Keith Mullin’s start-up snack-food company, Gamer Grub, needs cash to become a player.
The San Diego company, which makes bags of high-energy snack food for videogame fanatics, recently struck a promotional partnership to sell its product at stores across the U.S. as part of the launch of “Call of Duty: Modern Warfare 3,” the country’s top-selling videogame. While more than 3,000 stores have agreed to sell the snacks, Mr. Mullin can’t get the funds he needs to hire workers and launch a marketing campaign.
In prior years, Mr. Mullin tapped his home-equity line of credit to inject cash into the business. But the credit line was canceled by his lender after the value of his home plummeted. That set off a chain of events that ended in Mr. Mullin losing his home. Now his business can’t find the funds to grow.
“On one side of the coin, things are great,” he says. “But on the back side of the coin, it’s fire and brimstone, and it’s just totally brutal.”
It is well known that the housing bust has taken a devastating toll on American families, nearly three million of which have lost their homes to foreclosure. Less known is the impact that the housing collapse is having on owners of small businesses, which have often relied upon home-equity borrowing to finance the early stages of growth and development.
American business history is packed with stories of company builders, from Wal-Mart Stores Inc.’s Sam Walton to Sam Adams beer brewer Jim Koch, who got key early funding from their homes. Nearly one in three small-business owners has borrowed against the equity in his or her home, or used the home as collateral for a loan to fund the business, according to a 2009 survey conducted by Gallup for the National Federation of Independent Business.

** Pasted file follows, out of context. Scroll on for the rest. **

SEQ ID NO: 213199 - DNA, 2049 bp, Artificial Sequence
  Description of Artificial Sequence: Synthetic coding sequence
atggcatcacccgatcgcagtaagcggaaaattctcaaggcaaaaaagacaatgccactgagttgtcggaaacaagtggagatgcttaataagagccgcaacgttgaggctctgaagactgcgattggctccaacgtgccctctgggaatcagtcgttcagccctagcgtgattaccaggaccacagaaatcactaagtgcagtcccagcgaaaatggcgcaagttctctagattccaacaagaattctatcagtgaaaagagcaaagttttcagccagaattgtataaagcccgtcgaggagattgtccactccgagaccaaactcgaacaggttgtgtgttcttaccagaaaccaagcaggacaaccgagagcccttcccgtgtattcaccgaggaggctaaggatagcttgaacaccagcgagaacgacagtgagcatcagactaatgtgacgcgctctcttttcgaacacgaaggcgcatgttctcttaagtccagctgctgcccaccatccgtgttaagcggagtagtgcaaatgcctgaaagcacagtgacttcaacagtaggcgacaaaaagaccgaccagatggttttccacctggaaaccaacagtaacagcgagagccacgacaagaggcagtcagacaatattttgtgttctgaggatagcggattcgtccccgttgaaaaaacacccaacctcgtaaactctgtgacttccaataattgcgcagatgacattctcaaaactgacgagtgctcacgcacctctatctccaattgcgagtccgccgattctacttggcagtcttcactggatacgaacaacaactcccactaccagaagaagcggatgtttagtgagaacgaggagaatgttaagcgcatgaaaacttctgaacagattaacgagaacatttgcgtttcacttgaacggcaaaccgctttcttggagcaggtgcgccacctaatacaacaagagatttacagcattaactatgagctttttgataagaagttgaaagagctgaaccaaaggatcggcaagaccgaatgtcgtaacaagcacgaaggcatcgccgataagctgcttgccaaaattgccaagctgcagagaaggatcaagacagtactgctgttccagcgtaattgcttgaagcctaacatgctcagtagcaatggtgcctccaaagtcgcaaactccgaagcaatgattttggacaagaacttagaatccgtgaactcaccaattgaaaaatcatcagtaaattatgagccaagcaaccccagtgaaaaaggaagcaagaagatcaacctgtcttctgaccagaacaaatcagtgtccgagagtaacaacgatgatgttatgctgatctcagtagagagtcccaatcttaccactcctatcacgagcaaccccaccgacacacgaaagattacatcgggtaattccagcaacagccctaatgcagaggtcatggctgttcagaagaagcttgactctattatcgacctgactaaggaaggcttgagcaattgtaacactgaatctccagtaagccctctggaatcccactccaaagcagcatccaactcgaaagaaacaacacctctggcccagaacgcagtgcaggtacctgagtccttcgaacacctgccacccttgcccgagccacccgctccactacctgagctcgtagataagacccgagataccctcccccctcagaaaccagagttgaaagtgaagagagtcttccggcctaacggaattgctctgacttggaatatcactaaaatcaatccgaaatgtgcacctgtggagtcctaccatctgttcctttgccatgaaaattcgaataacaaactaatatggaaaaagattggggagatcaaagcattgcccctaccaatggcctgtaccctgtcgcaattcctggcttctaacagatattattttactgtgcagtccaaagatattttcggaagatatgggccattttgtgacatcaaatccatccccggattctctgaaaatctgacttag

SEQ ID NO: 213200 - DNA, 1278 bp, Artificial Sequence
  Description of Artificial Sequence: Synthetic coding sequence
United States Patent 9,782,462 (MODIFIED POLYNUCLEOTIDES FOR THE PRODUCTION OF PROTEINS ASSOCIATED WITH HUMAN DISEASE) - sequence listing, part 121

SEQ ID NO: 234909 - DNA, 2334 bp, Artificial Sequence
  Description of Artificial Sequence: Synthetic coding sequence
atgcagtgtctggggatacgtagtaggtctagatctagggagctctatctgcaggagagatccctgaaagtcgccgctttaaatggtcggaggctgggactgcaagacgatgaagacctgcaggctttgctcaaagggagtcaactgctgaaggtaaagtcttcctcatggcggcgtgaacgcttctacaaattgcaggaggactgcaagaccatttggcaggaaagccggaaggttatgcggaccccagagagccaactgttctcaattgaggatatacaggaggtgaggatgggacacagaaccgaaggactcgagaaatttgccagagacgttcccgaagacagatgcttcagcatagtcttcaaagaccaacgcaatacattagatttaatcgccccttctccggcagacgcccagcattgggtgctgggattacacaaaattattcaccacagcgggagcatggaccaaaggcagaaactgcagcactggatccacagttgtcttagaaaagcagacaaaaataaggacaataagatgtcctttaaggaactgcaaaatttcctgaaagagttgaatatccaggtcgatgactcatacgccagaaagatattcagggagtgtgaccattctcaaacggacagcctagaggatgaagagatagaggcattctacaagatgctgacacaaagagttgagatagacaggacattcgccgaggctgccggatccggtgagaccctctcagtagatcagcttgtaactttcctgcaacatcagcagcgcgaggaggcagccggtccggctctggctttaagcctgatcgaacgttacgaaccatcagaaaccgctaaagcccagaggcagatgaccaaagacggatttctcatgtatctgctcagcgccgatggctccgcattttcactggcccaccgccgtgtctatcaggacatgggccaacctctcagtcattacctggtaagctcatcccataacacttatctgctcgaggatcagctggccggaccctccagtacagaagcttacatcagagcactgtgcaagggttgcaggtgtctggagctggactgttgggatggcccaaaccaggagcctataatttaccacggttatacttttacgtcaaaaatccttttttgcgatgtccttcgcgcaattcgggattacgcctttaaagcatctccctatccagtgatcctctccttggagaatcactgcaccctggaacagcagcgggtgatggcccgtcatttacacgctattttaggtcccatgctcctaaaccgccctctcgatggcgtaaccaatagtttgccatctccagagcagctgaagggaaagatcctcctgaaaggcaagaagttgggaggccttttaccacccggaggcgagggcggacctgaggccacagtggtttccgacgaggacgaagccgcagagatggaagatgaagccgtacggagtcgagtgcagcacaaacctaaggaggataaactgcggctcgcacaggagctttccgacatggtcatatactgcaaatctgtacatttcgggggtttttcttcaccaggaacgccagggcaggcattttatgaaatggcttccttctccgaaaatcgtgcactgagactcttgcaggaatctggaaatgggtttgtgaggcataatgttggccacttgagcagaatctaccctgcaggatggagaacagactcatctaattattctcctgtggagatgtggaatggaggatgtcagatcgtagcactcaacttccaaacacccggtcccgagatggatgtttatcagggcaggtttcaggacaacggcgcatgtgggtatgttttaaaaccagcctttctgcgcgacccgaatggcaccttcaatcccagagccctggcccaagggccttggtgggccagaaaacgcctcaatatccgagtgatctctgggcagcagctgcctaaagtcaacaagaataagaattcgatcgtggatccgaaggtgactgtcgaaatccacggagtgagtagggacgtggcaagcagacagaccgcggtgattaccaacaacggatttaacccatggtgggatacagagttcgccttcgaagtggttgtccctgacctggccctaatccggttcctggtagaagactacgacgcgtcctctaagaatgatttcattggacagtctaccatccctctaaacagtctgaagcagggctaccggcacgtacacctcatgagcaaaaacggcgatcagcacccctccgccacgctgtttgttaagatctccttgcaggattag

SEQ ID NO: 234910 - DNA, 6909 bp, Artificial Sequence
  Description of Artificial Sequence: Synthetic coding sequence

In recent months, there have been some signs that the housing market is bottoming out. That included three straight months of gains in single-family home construction, and a report in January showing that the inventory of for-sale homes is at its lowest level since 2006. But home prices, which need to rise briskly to revive home-equity lending, fell again in November, tumbling 1.3% from the previous month, according to the S&P/Case-Shiller index released Tuesday. They are likely to fall further over the next year. The balances of home-equity lines of credit and second mortgages have tumbled 27.5% since the end of 2007.
That leaves cash-strapped small businesses in a jam. Without the ability to borrow against their home, thousands of potential entrepreneurs will sit out the recovery. Most don’t have enough cash flow to get a traditional business loan from a bank. A recent study from Pepperdine University showed that 64% of start-ups were turned down by banks when seeking loans.
Mark Zandi, chief economist at Moody’s Analytics, estimates that small-business owners extracted around $75 billion from their homes to fund their businesses in 2006. That has fallen to as little as $20 billion now, and isn’t likely to rise much through 2012, he predicts.
Mr. Zandi took out a $40,000 business loan using his home in suburban Philadelphia as collateral in 1991 to start a predecessor company to Moody’s Analytics. These days, it would be difficult for others to follow in his footsteps, he says. “That is one more reason to be nervous that small businesses won’t be the source of job growth they have in past economic recoveries,” he says.
The situation could get worse. Owners of start-ups are believed to have taken out risky mortgages at a higher rate than typical homeowners, putting them at a higher risk of losing their homes and their businesses over the next couple of years. Samuel Bornstein, an accounting professor at Kean University in New Jersey, and private consultant Jung Song have done research that suggests 3.7 million small businesses took out exotic loan products such as option-adjustable rate mortgages and interest-only loans. They estimate more than 500,000 are at risk of defaulting in the next few years as their monthly mortgage payments spike after these loans reset and require both principal and interest payments.
Adrian Pelkus, a San Marcos, Calif., business owner used home-equity loans to fund at least six start-up businesses in the past 15 years. He started his flagship company, A Squared Technologies Inc., which makes circuit boards for electronics manufacturers, with a $10,000 loan against his home in 1985.